Ambrose Ganshanga, a 29-year-old occupational therapist in western Uganda, works with children with spina bifida. Spina bifida is a congenital anomaly (commonly referred to as a birth defect) in which the spinal column does not develop normally during the first weeks of pregnancy. This causes permanent damage to the spinal cord and nervous system, and can result in paralysis of the lower limbs or problems with bowel and bladder function.
About 80-90% of babies with spina bifida also develop hydrocephalus, a condition that causes fluid inside the head to build up, causing pressure to increase and the skull to expand to a larger than normal size. It can also cause convulsions, tunnel vision, mental disability or death.
The risk of neural tube defects such as spina bifida can be reduced by up to 70% if the mother takes adequate amounts of folic acid every day before becoming pregnant. Sources of folic acid include whole grains, fortified staple foods like wheat and maize flour, dried beans, leafy vegetables and fruits or supplements containing folic acid.
“Disability is not inability”
“Children with spina bifida or hydrocephalus were neglected and most of them died at an early age due to limited care” says Ambrose, recalling the situation three years ago when he started working in a community-based rehabilitation programme, Organized Useful Rehabilitation Services (OURS).
The OURS programme covers 10 districts in Uganda which are home to more than 8 million people. Ambrose’s motto is “disability is not inability” and he does his best to improve the survival and quality of life of people with spina bifida and/or hydrocephalus. The programme provides families with accurate information about both conditions. It also helps families access rehabilitation services, including surgery when necessary, and supports them in stimulating and realizing their child’s potential.
Community-based support saves lives
Community-based support following surgery for spina bifida or hydrocephalus is essential for children with these conditions. According to a recent study of 128 children in south-eastern Uganda, the mortality rate among children under five with spina bifida was 37%, a rate 2.5 times greater than that of the general population. But in districts with community-based rehabilitation programmes, mortality among children with spina bifida was much lower (16%), approaching that for their unaffected peers.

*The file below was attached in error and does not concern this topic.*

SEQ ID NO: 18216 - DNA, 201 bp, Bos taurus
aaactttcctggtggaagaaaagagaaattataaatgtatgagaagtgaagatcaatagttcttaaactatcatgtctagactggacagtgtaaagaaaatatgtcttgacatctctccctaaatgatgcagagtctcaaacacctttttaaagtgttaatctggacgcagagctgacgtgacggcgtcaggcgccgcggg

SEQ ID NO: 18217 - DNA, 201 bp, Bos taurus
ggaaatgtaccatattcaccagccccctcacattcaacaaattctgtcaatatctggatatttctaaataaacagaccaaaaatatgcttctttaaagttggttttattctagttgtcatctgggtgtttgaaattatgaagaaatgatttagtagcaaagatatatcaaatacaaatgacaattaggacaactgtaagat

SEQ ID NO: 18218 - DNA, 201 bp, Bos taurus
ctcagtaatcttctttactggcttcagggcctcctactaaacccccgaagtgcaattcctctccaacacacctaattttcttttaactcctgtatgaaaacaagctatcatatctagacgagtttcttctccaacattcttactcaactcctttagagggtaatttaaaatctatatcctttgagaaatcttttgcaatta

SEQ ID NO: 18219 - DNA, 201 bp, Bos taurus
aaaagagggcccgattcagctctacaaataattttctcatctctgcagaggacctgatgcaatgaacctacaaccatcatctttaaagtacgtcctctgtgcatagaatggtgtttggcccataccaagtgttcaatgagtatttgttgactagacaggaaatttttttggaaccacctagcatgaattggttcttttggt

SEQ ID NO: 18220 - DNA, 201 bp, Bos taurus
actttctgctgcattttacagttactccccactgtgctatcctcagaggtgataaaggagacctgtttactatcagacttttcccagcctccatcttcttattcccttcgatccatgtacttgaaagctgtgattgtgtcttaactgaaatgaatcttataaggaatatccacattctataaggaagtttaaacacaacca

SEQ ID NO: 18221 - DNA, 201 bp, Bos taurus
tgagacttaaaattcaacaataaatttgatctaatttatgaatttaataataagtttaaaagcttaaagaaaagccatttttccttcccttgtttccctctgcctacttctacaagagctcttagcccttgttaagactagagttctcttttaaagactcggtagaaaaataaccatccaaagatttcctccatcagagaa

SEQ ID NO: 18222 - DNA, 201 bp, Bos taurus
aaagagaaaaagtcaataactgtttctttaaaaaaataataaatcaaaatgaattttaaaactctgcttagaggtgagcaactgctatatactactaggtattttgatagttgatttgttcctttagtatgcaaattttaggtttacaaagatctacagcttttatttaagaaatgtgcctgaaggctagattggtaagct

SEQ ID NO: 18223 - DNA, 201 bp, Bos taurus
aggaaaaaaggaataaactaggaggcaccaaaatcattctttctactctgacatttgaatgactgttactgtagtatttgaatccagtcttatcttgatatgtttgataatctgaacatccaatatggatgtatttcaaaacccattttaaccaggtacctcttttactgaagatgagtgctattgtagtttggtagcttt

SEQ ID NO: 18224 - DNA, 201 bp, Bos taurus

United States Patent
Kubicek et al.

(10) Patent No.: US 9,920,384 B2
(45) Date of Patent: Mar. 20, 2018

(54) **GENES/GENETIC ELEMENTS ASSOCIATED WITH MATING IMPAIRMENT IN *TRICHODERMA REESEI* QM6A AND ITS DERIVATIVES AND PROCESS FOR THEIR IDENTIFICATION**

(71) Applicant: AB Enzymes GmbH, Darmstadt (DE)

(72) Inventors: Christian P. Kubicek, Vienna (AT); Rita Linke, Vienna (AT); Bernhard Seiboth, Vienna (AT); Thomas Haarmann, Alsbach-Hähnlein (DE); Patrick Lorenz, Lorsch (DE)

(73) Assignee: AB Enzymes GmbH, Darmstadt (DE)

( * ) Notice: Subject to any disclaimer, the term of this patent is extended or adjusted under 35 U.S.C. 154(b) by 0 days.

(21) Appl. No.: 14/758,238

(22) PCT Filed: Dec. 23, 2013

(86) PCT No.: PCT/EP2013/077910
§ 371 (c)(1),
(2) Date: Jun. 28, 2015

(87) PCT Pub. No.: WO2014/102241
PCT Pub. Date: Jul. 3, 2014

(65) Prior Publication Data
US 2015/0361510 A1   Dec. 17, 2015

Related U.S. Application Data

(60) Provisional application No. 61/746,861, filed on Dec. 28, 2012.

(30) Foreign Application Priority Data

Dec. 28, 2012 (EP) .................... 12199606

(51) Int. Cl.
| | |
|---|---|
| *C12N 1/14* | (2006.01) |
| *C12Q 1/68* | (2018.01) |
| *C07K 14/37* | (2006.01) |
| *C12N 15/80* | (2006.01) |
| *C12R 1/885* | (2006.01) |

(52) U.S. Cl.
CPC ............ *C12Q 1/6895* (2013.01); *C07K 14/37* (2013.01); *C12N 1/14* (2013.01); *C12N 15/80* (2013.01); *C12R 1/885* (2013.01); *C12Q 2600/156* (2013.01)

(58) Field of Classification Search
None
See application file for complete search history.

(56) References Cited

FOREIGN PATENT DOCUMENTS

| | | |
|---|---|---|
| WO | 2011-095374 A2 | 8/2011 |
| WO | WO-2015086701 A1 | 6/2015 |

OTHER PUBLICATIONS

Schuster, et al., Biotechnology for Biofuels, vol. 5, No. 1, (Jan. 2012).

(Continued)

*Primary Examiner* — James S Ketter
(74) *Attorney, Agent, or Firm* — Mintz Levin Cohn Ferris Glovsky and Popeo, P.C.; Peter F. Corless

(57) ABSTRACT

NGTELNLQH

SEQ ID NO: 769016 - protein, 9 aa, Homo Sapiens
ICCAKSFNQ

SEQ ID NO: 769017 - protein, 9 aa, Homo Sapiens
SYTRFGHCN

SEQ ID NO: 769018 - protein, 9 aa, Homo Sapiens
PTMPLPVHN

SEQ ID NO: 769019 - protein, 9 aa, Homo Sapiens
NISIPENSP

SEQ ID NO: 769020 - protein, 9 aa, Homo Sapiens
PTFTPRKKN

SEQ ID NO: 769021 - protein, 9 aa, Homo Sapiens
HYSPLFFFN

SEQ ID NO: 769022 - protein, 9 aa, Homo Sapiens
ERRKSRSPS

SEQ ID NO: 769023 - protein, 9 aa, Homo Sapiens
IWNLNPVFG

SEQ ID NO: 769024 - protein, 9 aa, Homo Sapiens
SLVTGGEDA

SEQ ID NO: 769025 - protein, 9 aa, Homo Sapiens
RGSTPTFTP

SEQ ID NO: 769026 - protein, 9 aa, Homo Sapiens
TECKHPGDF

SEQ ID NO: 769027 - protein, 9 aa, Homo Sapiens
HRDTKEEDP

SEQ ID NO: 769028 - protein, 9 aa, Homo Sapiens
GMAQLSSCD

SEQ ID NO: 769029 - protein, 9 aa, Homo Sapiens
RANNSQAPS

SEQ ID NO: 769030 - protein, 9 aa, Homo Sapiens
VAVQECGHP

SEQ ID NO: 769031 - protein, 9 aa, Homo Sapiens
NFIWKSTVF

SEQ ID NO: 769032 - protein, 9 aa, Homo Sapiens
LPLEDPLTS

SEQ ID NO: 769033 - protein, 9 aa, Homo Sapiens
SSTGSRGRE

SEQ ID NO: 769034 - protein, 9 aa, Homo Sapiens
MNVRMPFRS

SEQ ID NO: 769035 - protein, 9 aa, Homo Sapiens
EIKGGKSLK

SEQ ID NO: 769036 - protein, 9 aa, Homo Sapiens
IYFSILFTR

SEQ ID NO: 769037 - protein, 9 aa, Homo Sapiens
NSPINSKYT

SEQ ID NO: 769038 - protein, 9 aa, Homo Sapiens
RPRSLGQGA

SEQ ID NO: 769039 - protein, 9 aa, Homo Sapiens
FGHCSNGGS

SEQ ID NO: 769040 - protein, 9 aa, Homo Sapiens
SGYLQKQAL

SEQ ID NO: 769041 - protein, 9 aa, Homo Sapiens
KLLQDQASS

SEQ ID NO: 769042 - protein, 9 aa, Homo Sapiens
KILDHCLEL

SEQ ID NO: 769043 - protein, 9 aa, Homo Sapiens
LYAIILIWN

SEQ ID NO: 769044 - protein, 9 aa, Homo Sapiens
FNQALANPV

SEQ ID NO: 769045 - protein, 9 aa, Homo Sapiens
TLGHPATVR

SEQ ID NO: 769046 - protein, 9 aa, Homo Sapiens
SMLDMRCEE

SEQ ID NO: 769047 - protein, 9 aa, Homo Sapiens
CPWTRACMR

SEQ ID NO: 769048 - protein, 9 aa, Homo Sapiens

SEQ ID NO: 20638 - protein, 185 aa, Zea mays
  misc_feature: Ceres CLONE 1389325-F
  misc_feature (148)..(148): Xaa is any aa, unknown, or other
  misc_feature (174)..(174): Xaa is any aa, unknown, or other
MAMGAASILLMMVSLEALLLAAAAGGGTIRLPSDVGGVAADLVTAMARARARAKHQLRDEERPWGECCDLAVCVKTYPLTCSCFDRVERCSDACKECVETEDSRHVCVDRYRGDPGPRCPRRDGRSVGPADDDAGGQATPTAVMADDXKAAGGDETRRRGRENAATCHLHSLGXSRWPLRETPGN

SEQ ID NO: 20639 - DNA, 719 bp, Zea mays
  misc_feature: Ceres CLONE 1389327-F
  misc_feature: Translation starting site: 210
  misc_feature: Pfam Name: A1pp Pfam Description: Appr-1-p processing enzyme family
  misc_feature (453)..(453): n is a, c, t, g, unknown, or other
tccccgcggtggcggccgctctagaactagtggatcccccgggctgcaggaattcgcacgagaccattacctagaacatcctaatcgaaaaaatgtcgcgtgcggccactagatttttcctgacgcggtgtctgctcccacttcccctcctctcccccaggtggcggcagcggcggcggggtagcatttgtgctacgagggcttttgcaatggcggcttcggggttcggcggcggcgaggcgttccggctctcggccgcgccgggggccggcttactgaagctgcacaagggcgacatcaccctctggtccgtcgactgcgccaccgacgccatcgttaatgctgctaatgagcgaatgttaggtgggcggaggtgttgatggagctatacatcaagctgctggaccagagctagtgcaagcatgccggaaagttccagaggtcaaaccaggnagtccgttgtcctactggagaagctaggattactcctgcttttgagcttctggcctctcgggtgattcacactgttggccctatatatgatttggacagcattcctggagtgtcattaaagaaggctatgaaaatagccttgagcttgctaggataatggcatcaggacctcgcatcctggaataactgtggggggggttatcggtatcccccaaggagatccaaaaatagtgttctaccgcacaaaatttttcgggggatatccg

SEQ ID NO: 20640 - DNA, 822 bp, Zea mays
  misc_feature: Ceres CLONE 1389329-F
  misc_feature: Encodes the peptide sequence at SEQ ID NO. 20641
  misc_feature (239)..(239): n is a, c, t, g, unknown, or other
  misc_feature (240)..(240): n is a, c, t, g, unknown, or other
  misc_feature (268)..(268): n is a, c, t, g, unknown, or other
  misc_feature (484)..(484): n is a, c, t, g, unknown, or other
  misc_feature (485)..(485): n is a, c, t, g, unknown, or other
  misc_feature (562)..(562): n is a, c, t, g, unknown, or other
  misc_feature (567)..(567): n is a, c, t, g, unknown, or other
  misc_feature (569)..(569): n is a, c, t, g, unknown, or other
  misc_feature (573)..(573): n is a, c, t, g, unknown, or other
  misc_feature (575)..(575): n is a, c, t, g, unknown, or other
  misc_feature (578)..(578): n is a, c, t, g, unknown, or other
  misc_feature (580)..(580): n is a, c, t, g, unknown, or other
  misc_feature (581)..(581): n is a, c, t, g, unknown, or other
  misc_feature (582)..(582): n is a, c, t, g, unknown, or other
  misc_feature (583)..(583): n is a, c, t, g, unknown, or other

A second chance at life
Ambrose knows that community-based rehabilitation is important, and knows the names of all 585 children with these conditions whom he has helped to survive and flourish. Moussa, a boy of 10, lived in isolation for many years until he received treatment and care. Chisa, age 8, will go to school next year thanks to training in continence management. Justice, age 2, abandoned by her mother, has now received a second chance at being part of a family. She was recently fostered by a couple who know how to take care of a child with a disability.
WHO has an important role to play in the prevention of spina bifida and hydrocephalus, but equally in the treatment and care of children affected by these conditions. In 2010, WHO released new guidelines on community-based rehabilitation. The guidelines help workers like Ambrose enhance the quality of life for people with disabilities and their families, including children with spina bifida or hydrocephalus.
WHO promotes community-based rehabilitation as an important way of improving access to rehabilitation services for people with disabilities, especially in low- and middle-income countries. This approach helps make optimum use of local resources. Over the past 30 years, community-based rehabilitation has evolved into a multisectoral strategy to address the broader needs of people with disabilities, ensuring their participation and inclusion in society and enhancing their quality of life.
WHO works closely with the International Federation for Spina Bifida and Hydrocephalus on prevention, care and treatment of people with spina bifida or hydrocephalus.